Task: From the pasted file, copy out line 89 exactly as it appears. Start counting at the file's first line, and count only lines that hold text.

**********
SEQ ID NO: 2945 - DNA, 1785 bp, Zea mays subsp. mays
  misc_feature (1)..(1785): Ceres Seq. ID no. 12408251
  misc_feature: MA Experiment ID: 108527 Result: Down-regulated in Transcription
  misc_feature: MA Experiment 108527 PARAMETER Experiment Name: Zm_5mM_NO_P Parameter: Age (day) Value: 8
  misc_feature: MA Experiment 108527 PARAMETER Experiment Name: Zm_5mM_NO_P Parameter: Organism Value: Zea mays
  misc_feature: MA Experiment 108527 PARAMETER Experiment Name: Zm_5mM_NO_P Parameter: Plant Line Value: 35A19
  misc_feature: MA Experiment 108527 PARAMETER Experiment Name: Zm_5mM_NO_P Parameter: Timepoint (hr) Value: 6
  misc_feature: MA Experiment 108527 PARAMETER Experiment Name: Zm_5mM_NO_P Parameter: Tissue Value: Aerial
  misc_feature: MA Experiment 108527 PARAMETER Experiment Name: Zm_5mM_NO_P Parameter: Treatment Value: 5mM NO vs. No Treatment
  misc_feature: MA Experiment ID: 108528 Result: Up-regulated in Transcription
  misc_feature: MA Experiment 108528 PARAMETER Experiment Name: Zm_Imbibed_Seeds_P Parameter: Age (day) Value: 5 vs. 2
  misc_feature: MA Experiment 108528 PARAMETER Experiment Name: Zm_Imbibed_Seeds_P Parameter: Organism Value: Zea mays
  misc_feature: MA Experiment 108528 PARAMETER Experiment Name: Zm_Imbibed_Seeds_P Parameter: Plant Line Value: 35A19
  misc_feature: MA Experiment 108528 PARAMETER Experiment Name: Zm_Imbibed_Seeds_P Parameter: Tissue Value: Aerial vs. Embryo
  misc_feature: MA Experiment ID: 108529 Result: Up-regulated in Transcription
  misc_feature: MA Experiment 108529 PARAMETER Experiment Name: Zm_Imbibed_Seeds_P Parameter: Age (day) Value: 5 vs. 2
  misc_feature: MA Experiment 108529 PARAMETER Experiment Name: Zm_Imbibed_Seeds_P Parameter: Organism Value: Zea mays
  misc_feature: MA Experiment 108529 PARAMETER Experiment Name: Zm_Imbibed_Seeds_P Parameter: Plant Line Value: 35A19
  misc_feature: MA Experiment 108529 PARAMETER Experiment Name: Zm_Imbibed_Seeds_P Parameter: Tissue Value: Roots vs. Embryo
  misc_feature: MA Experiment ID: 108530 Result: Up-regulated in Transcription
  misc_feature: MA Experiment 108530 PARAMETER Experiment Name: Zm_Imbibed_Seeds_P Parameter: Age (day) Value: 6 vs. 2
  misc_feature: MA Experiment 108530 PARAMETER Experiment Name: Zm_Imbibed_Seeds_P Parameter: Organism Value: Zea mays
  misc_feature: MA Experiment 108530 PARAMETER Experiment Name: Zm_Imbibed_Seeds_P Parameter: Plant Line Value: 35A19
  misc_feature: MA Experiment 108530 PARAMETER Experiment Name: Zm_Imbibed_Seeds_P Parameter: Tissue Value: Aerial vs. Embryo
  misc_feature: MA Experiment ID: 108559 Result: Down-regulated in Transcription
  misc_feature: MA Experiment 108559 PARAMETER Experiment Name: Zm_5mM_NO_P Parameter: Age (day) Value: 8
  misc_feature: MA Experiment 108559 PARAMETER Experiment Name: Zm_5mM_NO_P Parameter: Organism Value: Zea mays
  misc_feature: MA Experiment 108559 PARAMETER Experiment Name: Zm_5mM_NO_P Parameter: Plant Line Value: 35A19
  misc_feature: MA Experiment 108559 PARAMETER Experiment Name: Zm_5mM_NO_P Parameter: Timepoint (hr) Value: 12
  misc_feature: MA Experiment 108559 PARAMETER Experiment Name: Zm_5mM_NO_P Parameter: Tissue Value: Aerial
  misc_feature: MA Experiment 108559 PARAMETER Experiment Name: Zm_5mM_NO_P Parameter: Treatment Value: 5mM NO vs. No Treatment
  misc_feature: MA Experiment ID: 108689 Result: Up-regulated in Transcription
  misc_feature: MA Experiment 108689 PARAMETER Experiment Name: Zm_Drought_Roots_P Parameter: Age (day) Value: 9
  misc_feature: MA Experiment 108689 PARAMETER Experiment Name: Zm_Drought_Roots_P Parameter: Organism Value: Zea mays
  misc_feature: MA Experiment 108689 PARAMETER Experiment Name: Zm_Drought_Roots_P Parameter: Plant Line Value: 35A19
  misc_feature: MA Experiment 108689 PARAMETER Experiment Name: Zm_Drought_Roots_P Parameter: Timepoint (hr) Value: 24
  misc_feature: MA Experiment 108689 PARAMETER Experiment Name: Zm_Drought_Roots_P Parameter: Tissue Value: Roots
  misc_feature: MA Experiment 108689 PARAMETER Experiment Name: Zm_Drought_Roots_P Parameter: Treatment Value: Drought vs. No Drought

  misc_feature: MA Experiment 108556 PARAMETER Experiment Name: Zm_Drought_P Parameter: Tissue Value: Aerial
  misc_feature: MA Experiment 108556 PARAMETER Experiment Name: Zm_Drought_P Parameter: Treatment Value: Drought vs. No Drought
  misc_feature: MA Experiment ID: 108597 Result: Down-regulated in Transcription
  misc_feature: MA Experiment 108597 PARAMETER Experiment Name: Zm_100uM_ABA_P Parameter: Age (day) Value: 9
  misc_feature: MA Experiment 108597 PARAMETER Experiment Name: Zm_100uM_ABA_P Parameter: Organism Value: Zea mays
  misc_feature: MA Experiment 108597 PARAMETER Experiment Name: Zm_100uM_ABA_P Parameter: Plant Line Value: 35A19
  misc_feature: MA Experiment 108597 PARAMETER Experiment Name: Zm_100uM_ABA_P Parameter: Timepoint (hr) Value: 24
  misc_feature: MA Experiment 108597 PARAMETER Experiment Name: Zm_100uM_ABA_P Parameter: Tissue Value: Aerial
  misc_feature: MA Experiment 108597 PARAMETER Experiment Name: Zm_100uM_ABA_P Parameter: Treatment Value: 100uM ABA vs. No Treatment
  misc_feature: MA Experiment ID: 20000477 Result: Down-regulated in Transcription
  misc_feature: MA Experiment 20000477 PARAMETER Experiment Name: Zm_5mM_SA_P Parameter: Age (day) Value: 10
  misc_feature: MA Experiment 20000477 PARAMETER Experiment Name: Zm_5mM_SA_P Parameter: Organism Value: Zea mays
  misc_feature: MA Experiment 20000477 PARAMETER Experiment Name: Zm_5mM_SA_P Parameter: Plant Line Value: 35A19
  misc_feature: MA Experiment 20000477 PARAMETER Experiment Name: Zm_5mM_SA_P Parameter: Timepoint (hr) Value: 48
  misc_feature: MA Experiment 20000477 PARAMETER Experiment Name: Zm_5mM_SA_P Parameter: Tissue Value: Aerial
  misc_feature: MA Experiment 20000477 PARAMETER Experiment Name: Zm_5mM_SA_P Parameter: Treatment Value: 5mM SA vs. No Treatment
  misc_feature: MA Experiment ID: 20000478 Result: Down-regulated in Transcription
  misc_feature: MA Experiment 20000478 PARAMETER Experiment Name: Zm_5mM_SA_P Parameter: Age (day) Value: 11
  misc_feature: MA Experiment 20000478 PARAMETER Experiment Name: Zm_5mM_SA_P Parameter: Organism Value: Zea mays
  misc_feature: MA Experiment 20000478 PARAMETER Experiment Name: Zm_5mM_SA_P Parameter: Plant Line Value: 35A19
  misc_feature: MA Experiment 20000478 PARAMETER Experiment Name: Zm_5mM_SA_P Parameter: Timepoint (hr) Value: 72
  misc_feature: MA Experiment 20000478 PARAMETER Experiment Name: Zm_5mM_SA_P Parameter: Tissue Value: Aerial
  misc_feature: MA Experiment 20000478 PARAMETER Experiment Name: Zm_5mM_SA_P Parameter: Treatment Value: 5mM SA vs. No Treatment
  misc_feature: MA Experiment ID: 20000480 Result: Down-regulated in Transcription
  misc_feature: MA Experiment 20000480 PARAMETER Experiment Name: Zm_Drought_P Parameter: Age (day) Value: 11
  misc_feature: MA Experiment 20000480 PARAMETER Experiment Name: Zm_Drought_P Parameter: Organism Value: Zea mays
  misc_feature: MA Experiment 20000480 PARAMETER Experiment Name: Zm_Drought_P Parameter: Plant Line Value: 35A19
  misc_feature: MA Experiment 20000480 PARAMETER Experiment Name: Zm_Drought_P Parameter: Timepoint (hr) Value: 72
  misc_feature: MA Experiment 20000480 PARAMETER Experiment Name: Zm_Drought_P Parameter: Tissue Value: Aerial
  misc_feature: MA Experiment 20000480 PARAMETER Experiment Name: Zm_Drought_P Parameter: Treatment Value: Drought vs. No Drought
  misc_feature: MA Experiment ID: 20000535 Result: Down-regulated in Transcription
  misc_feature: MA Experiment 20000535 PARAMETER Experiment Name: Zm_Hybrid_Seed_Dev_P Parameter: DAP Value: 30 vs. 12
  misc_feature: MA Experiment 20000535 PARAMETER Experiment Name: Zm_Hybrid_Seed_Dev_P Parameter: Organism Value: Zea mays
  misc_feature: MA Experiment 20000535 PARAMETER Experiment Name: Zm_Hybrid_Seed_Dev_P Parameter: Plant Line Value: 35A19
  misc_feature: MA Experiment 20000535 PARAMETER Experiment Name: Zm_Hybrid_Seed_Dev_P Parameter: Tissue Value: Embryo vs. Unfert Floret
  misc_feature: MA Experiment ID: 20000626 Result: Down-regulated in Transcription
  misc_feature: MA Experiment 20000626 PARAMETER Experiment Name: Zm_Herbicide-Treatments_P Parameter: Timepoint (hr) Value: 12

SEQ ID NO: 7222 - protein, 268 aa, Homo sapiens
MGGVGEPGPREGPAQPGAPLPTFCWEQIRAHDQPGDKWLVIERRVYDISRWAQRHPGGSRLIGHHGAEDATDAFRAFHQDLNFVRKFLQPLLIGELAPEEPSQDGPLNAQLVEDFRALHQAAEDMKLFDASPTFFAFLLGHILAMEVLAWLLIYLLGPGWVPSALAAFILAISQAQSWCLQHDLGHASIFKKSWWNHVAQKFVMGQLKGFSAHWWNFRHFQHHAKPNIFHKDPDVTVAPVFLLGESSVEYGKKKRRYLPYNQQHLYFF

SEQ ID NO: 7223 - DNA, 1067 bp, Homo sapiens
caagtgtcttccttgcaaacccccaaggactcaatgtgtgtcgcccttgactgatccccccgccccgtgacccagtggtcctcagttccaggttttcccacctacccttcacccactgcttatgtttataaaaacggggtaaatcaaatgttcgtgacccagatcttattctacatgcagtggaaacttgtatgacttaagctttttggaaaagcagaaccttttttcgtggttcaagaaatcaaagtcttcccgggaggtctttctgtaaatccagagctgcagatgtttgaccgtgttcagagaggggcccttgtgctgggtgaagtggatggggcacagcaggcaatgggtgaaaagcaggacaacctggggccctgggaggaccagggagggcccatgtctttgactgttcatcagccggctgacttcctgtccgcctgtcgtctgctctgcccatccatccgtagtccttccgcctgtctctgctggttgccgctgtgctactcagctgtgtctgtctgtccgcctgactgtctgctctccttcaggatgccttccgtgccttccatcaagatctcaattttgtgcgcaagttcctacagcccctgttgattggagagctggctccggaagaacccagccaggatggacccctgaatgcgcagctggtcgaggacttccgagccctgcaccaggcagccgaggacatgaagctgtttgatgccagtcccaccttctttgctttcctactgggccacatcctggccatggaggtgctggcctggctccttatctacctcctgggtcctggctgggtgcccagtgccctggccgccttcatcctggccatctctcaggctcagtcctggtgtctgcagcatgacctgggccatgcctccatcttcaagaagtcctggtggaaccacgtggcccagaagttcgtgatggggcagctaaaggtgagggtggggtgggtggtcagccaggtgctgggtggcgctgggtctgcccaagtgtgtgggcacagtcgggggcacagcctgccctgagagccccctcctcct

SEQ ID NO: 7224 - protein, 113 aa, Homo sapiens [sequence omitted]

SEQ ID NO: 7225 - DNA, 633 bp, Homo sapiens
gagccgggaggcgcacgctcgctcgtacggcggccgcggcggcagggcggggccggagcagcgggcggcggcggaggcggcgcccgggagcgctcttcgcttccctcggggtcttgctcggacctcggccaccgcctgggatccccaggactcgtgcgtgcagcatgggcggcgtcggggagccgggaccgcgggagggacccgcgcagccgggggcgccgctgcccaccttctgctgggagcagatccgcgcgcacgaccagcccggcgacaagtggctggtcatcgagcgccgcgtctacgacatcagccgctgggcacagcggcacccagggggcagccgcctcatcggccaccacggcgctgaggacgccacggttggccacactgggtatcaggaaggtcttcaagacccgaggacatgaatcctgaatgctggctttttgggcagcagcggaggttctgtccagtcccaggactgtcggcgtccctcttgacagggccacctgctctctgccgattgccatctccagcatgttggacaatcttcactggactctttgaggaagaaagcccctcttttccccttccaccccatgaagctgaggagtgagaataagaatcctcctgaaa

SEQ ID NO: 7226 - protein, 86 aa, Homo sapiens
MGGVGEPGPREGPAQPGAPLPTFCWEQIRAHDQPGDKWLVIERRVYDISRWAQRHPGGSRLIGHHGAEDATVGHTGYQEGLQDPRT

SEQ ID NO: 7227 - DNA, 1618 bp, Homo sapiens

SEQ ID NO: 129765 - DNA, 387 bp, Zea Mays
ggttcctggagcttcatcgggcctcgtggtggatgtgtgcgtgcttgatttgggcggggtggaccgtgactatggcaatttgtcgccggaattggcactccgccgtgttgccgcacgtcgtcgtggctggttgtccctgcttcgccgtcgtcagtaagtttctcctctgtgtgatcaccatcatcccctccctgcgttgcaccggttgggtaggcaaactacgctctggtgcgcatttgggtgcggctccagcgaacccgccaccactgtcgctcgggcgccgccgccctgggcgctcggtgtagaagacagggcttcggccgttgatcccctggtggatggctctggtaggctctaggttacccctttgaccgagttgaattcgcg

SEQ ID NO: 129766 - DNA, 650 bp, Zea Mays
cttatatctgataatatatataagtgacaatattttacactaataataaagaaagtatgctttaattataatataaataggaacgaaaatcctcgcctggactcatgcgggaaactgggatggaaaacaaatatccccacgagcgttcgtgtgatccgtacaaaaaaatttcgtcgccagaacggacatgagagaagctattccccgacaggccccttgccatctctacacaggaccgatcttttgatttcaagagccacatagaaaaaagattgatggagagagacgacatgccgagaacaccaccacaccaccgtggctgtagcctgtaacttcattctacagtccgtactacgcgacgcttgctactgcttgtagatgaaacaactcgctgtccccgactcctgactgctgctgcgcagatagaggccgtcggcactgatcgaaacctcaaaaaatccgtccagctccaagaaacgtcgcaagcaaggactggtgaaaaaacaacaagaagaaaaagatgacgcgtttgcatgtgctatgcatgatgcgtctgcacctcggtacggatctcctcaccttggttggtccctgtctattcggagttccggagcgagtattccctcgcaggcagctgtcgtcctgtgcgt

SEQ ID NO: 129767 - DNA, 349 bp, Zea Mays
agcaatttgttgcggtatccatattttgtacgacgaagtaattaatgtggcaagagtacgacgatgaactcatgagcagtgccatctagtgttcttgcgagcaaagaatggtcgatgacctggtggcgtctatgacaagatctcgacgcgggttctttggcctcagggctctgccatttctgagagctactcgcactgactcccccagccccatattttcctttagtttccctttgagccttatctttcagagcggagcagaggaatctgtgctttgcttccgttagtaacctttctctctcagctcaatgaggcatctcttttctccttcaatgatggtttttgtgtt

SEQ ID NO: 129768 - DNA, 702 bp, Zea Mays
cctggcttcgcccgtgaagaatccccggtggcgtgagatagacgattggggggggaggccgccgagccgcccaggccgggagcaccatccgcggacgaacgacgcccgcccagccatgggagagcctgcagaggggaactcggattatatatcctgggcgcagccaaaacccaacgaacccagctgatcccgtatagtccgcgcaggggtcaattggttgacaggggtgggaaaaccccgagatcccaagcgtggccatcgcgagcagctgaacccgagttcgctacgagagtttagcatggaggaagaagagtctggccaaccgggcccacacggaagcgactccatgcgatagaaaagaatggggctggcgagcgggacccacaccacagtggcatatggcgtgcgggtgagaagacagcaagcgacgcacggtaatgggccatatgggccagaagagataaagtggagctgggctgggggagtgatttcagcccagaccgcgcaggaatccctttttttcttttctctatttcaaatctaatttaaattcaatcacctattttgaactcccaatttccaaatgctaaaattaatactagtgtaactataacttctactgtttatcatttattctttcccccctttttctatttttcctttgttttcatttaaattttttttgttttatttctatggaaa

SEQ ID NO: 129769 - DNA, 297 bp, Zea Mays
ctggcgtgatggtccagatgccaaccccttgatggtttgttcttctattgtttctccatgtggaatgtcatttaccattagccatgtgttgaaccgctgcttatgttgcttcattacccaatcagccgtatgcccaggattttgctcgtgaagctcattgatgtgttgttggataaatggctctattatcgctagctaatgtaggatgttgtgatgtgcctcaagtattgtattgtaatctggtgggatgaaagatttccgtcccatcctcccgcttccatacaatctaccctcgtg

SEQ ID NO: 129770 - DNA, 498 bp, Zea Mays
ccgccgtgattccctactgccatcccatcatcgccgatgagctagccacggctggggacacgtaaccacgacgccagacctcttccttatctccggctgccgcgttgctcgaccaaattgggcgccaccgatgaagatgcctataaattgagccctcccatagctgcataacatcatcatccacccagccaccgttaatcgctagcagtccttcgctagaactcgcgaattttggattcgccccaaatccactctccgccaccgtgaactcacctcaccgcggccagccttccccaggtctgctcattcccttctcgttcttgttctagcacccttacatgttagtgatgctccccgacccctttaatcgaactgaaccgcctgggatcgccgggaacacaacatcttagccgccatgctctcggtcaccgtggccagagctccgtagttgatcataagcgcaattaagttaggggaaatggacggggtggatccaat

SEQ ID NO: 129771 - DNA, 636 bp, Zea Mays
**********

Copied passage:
cttatatctgataatatatataagtgacaatattttacactaataataaagaaagtatgctttaattataatataaataggaacgaaaatcctcgcctggactcatgcgggaaactgggatggaaaacaaatatccccacgagcgttcgtgtgatccgtacaaaaaaatttcgtcgccagaacggacatgagagaagctattccccgacaggccccttgccatctctacacaggaccgatcttttgatttcaagagccacatagaaaaaagattgatggagagagacgacatgccgagaacaccaccacaccaccgtggctgtagcctgtaacttcattctacagtccgtactacgcgacgcttgctactgcttgtagatgaaacaactcgctgtccccgactcctgactgctgctgcgcagatagaggccgtcggcactgatcgaaacctcaaaaaatccgtccagctccaagaaacgtcgcaagcaaggactggtgaaaaaacaacaagaagaaaaagatgacgcgtttgcatgtgctatgcatgatgcgtctgcacctcggtacggatctcctcaccttggttggtccctgtctattcggagttccggagcgagtattccctcgcaggcagctgtcgtcctgtgcgt